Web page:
[photopress:suzhou_wumen.jpg,full,alignright]To give an idea of the size of the interest in travel, there has recently been a three-day 2007 Domestic Travel Fair in Suzhou. The exhibition area covered 35,000 square meters, with 1,935 exhibition stands. 1,788 enterprises on display. Visitors were fairly evenly split between professionals and members of the public and, in all, there were some 80,000 visitors.
That is a major commercial success.
The National Bureau of Tourism is promoting rural tourism which is a good thing as the cities approach capacity. This idea, perhaps, started in Suzhou. Two years ago, Suzhou Municipal Bureau of Tourism began to regulate the rural tourism market. As you can see from the illustration, used much larger than normal, its tourism industry starts from a pretty solid basis of scenic beauty.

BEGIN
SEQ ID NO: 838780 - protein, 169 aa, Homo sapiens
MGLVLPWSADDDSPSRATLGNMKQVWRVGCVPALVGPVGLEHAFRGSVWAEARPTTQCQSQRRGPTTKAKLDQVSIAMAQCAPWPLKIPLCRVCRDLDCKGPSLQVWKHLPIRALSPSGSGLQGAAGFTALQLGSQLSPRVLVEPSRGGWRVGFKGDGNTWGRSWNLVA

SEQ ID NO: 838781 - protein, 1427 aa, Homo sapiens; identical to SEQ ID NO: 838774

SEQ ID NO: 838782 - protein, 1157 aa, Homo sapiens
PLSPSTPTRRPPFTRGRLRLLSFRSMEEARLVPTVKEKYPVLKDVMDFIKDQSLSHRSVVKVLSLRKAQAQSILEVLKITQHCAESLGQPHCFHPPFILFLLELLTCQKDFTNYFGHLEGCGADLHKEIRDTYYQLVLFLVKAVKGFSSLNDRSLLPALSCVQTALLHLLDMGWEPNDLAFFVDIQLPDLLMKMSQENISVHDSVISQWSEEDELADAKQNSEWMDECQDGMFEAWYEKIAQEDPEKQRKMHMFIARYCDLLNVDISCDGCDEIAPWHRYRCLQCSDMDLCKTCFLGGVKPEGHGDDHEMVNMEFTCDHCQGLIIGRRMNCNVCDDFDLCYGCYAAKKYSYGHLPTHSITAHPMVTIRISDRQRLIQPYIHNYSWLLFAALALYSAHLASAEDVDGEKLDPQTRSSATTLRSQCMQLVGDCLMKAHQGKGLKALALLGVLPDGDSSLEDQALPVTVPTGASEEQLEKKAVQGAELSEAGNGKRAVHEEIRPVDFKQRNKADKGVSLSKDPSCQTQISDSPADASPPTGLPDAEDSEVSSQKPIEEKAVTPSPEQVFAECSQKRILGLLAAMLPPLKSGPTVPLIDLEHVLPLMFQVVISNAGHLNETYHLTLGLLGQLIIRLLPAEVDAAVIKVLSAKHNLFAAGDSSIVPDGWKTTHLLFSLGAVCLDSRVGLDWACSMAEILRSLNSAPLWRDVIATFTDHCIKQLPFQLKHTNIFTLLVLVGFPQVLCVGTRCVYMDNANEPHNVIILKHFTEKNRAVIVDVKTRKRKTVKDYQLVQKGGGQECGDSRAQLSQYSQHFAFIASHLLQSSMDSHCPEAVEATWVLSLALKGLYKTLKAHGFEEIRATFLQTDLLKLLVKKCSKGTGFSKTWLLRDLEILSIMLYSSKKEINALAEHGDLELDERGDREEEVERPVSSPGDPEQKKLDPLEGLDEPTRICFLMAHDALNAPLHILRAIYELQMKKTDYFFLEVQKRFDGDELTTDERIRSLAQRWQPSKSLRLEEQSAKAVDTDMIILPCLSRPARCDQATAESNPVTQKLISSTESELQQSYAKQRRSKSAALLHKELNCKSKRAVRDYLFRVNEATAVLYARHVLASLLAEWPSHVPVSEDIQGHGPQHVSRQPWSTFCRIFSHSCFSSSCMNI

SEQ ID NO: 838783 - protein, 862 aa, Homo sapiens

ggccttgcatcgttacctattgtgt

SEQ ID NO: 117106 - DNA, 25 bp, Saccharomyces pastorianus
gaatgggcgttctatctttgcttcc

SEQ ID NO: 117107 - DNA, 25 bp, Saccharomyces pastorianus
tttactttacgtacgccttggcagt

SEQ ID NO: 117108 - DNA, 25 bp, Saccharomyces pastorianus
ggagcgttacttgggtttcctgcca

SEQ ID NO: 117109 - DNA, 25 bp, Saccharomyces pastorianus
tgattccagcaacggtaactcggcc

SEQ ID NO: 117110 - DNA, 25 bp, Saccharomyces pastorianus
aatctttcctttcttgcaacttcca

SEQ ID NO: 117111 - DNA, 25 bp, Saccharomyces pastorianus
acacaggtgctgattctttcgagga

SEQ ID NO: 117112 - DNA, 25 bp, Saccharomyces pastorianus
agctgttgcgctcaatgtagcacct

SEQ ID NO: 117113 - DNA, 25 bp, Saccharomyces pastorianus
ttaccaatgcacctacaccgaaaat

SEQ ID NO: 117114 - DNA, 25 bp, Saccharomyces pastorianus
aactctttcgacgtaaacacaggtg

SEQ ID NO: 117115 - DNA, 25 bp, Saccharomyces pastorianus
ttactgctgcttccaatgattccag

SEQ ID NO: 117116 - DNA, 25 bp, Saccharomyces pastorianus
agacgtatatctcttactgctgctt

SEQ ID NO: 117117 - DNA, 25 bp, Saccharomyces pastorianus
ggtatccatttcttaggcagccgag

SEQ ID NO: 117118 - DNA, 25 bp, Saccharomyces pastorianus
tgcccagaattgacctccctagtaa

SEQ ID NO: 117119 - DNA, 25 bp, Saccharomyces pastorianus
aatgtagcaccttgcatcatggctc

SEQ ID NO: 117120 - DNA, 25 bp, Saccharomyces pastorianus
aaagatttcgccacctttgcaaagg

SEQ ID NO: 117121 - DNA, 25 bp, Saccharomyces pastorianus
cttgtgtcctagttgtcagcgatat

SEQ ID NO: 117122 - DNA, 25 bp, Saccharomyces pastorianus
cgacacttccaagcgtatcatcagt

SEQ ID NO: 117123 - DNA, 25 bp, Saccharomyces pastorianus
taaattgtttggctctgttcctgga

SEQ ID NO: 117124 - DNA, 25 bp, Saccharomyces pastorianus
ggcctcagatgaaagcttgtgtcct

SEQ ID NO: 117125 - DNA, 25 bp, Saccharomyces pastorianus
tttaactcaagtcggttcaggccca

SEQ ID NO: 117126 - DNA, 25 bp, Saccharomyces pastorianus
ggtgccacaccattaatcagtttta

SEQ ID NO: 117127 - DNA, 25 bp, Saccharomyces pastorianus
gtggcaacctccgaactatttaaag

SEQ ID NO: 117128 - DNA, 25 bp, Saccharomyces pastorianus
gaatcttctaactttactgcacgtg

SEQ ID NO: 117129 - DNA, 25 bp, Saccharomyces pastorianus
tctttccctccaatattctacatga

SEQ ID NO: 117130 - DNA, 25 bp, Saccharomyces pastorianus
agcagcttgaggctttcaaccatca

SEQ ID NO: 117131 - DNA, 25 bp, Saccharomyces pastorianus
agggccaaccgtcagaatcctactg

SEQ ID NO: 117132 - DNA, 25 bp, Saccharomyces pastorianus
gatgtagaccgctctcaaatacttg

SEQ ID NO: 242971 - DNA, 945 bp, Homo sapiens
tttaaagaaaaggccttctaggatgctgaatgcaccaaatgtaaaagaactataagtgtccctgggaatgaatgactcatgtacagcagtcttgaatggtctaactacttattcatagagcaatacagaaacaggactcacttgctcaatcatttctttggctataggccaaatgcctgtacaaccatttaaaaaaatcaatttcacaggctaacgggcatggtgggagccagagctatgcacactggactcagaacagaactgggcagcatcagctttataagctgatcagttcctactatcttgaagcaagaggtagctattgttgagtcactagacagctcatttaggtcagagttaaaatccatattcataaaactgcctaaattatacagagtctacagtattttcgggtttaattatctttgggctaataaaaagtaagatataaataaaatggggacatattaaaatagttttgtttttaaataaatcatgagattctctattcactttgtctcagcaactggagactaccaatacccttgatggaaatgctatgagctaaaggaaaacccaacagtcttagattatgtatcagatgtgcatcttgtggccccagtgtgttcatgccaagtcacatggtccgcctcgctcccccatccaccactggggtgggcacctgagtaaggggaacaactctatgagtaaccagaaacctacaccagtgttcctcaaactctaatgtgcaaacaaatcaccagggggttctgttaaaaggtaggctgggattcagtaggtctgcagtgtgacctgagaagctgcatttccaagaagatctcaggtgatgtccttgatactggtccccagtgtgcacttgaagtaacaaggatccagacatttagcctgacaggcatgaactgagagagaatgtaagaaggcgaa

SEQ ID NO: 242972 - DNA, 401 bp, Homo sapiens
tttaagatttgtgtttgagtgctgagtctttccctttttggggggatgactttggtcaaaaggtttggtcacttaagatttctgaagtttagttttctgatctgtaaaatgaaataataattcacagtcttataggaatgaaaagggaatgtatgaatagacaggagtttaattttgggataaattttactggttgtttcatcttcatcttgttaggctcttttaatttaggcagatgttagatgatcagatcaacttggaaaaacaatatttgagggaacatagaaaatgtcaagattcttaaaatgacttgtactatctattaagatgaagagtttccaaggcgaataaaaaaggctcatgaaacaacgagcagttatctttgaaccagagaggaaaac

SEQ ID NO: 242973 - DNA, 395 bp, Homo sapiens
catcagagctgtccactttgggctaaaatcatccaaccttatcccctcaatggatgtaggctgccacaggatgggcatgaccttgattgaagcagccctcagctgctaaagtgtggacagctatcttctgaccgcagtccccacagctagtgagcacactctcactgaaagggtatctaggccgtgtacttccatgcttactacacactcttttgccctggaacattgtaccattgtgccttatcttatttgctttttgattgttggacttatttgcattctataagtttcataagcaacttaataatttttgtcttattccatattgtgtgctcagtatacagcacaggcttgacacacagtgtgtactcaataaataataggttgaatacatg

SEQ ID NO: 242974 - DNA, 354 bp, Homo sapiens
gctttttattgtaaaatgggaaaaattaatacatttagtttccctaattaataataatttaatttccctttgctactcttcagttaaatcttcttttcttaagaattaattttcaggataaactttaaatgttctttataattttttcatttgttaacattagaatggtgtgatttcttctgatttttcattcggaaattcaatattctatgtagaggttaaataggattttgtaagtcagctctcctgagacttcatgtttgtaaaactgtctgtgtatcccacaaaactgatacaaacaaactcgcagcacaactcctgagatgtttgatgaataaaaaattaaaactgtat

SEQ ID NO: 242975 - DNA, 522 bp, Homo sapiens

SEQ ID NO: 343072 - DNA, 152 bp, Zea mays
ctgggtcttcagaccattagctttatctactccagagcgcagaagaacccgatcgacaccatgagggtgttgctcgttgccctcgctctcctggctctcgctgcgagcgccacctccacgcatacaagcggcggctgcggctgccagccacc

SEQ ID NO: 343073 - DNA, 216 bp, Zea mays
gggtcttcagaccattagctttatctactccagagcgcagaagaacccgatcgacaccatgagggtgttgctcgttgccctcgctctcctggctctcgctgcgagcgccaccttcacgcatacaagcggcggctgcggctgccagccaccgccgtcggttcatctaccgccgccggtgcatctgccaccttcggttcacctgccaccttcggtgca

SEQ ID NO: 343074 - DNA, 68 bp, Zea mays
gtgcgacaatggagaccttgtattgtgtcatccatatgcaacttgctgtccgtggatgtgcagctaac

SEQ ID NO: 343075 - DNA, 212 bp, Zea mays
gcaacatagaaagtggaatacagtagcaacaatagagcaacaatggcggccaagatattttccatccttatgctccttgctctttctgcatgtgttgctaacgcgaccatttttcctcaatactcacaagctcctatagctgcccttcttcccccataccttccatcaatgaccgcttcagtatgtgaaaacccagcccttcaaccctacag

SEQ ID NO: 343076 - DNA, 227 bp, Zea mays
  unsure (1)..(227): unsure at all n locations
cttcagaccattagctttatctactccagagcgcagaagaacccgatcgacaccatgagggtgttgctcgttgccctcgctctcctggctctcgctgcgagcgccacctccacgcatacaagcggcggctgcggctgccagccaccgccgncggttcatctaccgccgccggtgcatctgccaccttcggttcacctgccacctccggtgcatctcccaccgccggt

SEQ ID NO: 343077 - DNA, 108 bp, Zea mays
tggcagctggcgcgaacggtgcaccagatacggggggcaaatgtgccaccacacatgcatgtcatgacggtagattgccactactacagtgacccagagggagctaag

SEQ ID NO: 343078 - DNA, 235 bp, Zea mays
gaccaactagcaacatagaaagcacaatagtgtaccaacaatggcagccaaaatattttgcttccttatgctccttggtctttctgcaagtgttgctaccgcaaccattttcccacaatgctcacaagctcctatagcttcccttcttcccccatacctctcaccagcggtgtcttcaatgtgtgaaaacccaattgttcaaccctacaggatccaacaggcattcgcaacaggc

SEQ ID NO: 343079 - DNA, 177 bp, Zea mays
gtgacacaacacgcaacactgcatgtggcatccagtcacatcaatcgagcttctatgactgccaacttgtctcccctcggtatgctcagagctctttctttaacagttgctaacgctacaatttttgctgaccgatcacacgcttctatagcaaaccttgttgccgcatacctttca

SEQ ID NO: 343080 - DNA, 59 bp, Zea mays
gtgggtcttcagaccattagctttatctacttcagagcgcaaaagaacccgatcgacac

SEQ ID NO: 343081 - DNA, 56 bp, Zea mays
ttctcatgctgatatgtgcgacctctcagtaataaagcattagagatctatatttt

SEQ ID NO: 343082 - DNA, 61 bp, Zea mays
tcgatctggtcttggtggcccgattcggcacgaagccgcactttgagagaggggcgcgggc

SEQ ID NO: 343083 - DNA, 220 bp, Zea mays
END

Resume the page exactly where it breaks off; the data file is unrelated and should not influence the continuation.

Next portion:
According to Shen Wenjuan, President of Suzhou Municipal Bureau of Tourism, the idea is ‘adjusting measures to local conditions,’ organically combining tourism with agriculture and working towards marketable concepts such as ‘one area with one character,’ ‘one town with one product,’ ‘one village with one landscape’ and ‘one household with one business.’
All of which can be taken too far and result in a strait-jacketed approach to tourism that rarely works. However, it does give a framework on which to build.
Suzhou Municipal Bureau of Tourism set aside a fund of RMB1.8 million for provincial and municipal tourism project construction. Some of the villages have been major successes.
Tangli Village completed the overall planning of Piaomiao scenic spots and built two agricultural family restaurants and a village inn.
Huqiao Village designed an ‘Independent Agricultural Development Park’ and an ‘Agricultural Tourism & Fishing Area,’ for which they have been partially funded.
It probably is not there yet. Much needs to be done. But this approach to rural tourism seems, on the face of it, a natural and intelligent way of extending China’s tourism.
Source: China Economic Net